Short-sighted and evil rulers take the ?easy? approach. They eliminate the competition for their heirs. Killing family and friends for the sake of the dynasty is not a completely strange concept on Cerilia. The grandfather of Emperor Alándalae of Anuire is said to have done it ? certainly his third daughter met no resistance from anyone upon assuming the Iron Throne. For over a century, the el-Arrasi dynasty in Ariya engaged in the public execution of each new heir?s siblings, and to this day confines them to house arrest for their entire lives. Many Vos tribes hold the practice to be the final test of a regent ?s right to rule ? the elimination of his own family proves he puts the realm first and above all else. Poisoners, professional duellists and assassins all have practised their trade on royal blood ? and still do. All in the name of peaceful ascension to the throne. But this method never truly works, not for long. Sooner or later, an heir candidate, fearing for his life, eliminates his predecessor, or his competition, or both, before he can be properly trained in the arts of rulership. Other nobles get into the act, and soon anarchy reigns. Realms and domains divide and ? in the case of Rohrmarch and other such lands ? waste their energies on civil war while their enemies wait for an opportunity to spring.
Less wise but well-meaning regents leave disappointed candidates alive with token rulerships or pensions when they declare an heir. Some domains become burdened with whole cadres of Baronets of the Realm, all dedicated to holding the same office, all drawing the same huge sums out of the treasury every month. Other realms have been destroyed by this method: Granting a would- be regent only a little power makes him hunger for more, and gives him a seed with which to sow rebellion. The true heir never knows peace until he makes it himself.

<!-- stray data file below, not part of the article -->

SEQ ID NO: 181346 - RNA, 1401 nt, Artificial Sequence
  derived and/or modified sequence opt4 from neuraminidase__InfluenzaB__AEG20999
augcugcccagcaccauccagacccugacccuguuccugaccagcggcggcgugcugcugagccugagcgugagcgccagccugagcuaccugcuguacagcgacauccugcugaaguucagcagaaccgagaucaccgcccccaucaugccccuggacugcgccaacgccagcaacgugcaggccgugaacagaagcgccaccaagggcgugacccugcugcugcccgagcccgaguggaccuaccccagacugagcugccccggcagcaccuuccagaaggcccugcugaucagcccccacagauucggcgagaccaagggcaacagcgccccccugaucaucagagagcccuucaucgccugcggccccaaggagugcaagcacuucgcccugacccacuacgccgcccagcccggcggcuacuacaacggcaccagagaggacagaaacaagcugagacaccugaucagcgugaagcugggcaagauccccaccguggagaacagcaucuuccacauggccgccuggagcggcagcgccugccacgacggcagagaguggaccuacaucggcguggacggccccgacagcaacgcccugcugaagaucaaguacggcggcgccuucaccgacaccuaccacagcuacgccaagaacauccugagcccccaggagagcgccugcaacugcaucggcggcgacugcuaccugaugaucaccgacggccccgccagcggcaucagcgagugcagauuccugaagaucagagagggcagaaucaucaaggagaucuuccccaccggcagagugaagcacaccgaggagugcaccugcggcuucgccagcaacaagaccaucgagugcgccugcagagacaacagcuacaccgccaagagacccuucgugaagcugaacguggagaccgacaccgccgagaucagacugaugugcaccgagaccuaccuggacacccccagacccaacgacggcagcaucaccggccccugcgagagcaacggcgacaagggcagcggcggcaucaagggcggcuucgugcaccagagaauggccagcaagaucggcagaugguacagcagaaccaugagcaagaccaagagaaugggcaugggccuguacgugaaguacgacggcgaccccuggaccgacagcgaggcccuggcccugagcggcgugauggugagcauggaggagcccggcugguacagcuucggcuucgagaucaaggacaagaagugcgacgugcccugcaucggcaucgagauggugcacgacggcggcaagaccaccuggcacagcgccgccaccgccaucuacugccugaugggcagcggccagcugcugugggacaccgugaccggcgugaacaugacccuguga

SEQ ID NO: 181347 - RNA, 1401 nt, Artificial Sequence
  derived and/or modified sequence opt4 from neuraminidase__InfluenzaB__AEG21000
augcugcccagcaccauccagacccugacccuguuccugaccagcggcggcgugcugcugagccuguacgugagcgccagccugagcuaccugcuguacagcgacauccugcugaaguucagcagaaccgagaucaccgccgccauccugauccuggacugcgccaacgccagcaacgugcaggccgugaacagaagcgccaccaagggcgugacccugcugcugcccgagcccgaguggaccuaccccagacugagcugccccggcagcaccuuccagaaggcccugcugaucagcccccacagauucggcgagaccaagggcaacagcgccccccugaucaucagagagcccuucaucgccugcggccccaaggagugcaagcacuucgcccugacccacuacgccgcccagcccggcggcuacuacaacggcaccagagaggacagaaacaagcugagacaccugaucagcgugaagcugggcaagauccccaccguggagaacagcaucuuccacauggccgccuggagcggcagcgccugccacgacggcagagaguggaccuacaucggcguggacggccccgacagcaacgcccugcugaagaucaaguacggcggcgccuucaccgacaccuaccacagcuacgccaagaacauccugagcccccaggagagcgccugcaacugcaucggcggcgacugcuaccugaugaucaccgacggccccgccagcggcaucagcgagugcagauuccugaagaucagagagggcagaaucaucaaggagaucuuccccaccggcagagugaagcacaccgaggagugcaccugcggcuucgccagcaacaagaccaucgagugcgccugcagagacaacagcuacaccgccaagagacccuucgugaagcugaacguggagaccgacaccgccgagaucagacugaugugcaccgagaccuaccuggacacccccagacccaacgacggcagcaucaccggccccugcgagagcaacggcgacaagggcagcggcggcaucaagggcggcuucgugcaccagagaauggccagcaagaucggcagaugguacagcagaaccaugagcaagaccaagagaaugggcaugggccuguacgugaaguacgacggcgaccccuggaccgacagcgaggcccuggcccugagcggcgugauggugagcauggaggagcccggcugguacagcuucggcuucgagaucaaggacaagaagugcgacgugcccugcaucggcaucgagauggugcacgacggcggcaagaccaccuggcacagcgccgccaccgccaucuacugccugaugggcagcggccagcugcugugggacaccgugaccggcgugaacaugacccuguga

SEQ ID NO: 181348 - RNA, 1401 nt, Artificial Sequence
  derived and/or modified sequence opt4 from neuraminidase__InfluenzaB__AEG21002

The wisest regents tend to be very selective when picking their heirs ? even among their own children. They make certain, right from the start, that their heirs want what?s best for the realm first, the family second, and themselves third. This isn?t an easy task, but true regency shouldn?t be. If the regent can train his potential heirs in the arts of rulership without ever discussing ascension to the throne itself with any of them, he can keep their minds focused on the tasks at hand. If an heir thinks he will be awarded with the rulership of a particular province, or a lieutenancy, or an advisership, then he won?t be disappointed when that is all he gets. However, if the regent dangles rulership of an entire realm in front of a cabaret of possible heirs, eventually, one will seize it ? and the others won?t support him because they will want it for themselves. The surprise of ascension should surprise only the one who ascends, not the entire realm.